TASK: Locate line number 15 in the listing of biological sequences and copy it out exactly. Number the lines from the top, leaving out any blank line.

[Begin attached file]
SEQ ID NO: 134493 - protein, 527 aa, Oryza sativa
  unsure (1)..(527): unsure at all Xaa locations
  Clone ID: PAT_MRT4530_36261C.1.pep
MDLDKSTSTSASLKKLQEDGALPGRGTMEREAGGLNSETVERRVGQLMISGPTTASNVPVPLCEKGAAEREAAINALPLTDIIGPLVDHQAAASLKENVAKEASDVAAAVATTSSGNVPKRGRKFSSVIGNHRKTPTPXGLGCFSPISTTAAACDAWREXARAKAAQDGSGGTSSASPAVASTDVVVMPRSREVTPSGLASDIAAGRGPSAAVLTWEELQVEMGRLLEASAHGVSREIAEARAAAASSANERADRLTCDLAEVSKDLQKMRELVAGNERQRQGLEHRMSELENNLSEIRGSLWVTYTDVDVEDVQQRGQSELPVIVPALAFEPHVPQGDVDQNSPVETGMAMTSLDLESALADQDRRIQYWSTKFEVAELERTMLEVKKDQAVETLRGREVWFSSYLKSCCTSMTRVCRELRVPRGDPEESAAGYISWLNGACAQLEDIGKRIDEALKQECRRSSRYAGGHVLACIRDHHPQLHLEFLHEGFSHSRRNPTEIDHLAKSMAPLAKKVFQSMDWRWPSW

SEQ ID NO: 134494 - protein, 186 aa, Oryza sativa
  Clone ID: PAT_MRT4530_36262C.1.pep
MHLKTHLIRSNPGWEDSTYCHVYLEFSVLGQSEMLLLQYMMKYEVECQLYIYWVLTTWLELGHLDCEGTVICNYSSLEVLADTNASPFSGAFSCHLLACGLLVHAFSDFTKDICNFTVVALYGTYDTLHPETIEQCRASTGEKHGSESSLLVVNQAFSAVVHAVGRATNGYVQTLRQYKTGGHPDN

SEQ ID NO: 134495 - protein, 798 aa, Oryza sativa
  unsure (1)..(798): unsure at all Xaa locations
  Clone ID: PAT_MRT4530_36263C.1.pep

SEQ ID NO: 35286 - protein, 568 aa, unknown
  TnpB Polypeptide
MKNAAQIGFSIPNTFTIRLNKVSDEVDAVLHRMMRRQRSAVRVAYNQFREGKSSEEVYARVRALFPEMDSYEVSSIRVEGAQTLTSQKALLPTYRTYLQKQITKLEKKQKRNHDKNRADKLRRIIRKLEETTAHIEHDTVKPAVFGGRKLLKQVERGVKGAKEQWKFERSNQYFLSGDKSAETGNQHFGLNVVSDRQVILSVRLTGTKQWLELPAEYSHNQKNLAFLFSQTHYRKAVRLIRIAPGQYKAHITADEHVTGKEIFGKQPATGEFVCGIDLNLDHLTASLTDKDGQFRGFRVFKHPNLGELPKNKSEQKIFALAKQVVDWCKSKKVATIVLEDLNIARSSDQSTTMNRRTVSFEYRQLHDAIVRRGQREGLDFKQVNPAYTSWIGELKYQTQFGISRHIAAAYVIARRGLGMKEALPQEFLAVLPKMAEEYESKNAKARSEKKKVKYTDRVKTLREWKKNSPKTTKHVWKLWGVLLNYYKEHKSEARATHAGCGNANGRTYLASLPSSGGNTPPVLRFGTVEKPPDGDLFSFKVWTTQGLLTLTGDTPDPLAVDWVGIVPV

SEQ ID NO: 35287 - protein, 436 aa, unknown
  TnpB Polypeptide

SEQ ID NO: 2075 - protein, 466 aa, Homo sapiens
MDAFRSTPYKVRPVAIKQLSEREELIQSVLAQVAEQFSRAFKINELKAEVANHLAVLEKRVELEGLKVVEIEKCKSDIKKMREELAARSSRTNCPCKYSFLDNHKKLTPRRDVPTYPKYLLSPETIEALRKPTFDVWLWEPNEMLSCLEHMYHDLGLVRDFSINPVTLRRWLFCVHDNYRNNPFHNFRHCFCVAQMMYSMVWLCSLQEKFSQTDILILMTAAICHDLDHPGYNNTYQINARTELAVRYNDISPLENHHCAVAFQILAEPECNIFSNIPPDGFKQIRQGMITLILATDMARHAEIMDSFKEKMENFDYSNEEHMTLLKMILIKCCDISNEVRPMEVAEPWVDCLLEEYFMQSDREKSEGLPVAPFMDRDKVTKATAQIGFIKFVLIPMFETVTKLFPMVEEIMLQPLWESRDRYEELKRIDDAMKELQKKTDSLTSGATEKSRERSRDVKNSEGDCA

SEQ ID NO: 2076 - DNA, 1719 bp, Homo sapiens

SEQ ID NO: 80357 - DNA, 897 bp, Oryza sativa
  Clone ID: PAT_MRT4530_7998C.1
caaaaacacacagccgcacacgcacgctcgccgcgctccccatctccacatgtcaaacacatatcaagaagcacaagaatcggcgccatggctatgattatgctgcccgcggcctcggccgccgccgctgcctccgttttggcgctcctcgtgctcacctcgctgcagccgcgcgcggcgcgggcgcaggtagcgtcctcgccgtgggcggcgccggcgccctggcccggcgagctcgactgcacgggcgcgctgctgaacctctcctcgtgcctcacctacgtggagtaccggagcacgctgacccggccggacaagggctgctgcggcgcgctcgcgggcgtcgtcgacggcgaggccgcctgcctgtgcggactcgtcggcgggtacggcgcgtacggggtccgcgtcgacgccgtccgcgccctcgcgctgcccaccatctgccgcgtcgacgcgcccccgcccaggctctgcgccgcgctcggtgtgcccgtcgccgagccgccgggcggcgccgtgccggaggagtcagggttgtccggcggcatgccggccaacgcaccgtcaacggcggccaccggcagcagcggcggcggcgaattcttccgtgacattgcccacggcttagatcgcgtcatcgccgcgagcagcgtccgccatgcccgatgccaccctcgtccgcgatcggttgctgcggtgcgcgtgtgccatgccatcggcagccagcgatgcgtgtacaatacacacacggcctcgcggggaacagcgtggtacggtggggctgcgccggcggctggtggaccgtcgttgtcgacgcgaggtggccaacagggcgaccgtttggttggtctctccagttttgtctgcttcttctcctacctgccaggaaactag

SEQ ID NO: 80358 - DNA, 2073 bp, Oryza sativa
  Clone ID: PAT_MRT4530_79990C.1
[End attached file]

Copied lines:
  TnpB Polypeptide